ICBC reacts to report detailing its shortfalls

ICBC reacts to report detailing its shortfalls | Insurance Business

ICBC reacts to report detailing its shortfalls

On the heels of the Insurance Corporation of British Columbia’s (ICBC) $935 million net loss for the recent fiscal year, the Insurance Bureau of Canada (IBC) has released a damning report on the reforms needed in the province’s auto insurance market.

The national insurance association states that at $1,680 per driver each year, premiums are too high in BC when compared to the rest of the country. And, according to IBC, basic insurance rates have increased over 42% since 2011.

The report makes the case that opening up the province’s auto insurance market to competition could lower claim costs that then reduce premiums.

In response, the provincial insurer released a statement to Insurance Business Canada.

“We are not surprised that a report from the Insurance Bureau of Canada – which represents the private insurance industry – once again makes an argument for private insurance in BC,” Joanna Linsangan, spokesperson for ICBC, wrote in an email.

“Drivers in B.C. already have access to private auto insurance for their optional coverage through the many independent insurance broker offices across the province.”

The statement goes on to say that “even where there is choice, drivers still overwhelmingly choose ICBC – approximately 80% of customers purchase their full coverage (basic and optional) with ICBC.”

Meanwhile, Al Delwo, a commercial insurance broker at Summit Insurance in BC, said the government-run auto insurance market has been “deplorable” since it was initiated in 1973 by then-premier of BC, Dave Barrett. He’s seen his commercial clients in the province turning to private insurance wherever possible.

The provincial insurer said it’s aware that some changes need to be made.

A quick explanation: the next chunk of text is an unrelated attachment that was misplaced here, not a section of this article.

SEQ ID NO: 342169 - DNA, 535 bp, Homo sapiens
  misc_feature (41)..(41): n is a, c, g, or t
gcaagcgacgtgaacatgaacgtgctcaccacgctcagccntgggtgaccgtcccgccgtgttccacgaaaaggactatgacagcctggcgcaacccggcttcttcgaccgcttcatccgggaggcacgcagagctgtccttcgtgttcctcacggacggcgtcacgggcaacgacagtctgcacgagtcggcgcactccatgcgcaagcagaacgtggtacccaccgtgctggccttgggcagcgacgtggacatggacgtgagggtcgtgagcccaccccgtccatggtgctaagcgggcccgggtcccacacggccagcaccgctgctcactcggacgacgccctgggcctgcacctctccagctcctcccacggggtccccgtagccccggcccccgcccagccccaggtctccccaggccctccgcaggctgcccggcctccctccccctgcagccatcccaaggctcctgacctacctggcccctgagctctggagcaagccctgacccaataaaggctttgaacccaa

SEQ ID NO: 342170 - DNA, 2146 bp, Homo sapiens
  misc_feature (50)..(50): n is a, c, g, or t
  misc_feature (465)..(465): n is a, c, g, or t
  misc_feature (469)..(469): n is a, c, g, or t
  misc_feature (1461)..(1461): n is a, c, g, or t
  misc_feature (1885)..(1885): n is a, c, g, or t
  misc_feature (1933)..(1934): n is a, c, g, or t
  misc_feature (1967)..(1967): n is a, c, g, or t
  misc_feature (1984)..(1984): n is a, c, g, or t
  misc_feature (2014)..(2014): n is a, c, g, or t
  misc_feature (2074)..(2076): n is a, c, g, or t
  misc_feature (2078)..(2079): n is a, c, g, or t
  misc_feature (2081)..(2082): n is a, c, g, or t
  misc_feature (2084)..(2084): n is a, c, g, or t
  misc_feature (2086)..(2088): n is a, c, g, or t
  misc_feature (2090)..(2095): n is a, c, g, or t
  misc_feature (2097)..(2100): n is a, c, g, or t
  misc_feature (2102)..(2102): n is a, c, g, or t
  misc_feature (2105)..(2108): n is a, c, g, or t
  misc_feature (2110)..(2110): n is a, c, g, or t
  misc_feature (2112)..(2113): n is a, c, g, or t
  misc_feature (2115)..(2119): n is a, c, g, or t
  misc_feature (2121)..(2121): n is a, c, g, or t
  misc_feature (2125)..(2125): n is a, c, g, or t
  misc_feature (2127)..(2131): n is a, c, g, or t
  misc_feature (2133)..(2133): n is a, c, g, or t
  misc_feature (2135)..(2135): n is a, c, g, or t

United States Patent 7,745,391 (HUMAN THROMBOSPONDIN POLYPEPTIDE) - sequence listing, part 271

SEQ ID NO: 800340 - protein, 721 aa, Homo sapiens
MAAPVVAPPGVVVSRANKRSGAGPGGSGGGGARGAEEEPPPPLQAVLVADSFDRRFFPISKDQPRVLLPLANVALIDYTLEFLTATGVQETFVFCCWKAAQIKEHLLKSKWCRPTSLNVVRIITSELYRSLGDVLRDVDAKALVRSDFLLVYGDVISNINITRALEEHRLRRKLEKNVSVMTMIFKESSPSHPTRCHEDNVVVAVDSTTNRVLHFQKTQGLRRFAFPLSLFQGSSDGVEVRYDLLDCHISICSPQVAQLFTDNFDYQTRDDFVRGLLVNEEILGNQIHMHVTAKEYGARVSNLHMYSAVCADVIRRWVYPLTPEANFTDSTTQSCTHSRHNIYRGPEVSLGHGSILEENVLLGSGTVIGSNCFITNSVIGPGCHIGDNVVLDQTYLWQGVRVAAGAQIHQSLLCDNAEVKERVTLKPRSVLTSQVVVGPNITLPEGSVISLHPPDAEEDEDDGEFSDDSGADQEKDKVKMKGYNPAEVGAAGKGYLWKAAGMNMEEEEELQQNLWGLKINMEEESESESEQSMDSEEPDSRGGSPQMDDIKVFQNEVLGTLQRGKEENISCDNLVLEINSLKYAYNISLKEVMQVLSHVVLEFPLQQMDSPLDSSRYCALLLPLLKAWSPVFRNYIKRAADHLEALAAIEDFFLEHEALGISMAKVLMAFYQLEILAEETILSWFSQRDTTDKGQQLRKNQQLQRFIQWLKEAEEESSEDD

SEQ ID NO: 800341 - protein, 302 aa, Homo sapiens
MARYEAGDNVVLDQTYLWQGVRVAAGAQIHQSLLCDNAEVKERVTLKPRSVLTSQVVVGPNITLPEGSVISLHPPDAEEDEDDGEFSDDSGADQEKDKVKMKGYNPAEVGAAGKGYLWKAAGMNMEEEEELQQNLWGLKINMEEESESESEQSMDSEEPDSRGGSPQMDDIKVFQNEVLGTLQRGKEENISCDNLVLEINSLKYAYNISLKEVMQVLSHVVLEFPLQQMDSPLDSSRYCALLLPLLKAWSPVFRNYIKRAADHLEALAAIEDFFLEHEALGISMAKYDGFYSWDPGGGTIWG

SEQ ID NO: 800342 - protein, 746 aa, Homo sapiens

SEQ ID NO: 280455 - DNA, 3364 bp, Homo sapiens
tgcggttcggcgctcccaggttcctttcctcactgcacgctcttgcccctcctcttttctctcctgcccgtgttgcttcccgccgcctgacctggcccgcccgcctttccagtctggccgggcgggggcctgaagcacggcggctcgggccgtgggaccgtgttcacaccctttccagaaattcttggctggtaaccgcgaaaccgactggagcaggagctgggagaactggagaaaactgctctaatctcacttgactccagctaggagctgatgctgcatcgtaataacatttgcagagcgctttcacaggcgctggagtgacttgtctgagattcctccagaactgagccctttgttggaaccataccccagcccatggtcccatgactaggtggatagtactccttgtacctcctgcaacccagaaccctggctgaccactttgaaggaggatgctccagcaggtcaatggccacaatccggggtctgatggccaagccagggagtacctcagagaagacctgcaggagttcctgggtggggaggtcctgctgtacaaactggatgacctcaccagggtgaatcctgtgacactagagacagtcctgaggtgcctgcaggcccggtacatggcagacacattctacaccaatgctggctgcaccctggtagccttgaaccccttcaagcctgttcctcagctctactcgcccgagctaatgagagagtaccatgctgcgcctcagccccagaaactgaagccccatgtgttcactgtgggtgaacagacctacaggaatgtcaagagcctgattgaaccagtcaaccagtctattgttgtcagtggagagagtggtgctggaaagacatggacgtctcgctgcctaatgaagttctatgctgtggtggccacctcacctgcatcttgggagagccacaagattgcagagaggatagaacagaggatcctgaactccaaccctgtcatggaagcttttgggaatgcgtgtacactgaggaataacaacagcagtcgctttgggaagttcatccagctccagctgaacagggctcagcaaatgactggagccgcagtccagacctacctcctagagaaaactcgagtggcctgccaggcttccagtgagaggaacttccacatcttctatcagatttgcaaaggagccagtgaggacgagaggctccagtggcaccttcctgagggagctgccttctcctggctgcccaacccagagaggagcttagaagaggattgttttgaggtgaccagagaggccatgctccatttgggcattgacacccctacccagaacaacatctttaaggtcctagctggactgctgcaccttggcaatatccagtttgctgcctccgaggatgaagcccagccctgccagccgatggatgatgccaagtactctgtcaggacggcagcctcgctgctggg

“That’s why ICBC is working hard alongside government to ensure the necessary steps are taken as quickly as possible to bring about long-term, sustainable improvements to BC’s auto insurance system,” wrote Linsangan, adding that, “None of the actions we can take within the current auto insurance system in B.C. will close the gap between the premiums we are collecting and the cost of the claims we are paying out.”

A major sticking point for Delwo is that ICBC “has always given benefit to the bad drivers, at the detriment of the good drivers.”

The IBC report focused in on this issue, stating that “ICBC’s current basic premiums are primarily based on driving experience, location of use, and driving record.” By comparison, factors like age and kilometres driven that are highly correlated with risk are considered when determining premiums in other provinces.

Delwo sees benefits for customers in revamping how premiums are determined in BC.

“I think we would see a fairer outlook on premium costs whereby those with bad driving records get surcharged and penalized accordingly,” said Delwo. “Likewise, good drivers would receive lower premiums.”

Delwo is not alone in wanting change. IBC states that in a recent poll, “78% of British Columbians say they want more choice in auto insurance.”

At the same time, ICBC touted aspects of its current insurance system in its statement, pointing to the lower numbers of uninsured drivers on the province’s roads.

“Where many jurisdictions in North America see up to 20% of its drivers driving uninsured, BC has an uninsured rate of 1%.”


Related stories:
IBC calls for more auto insurance competition in BC
ICBC posts nearly a billion in net losses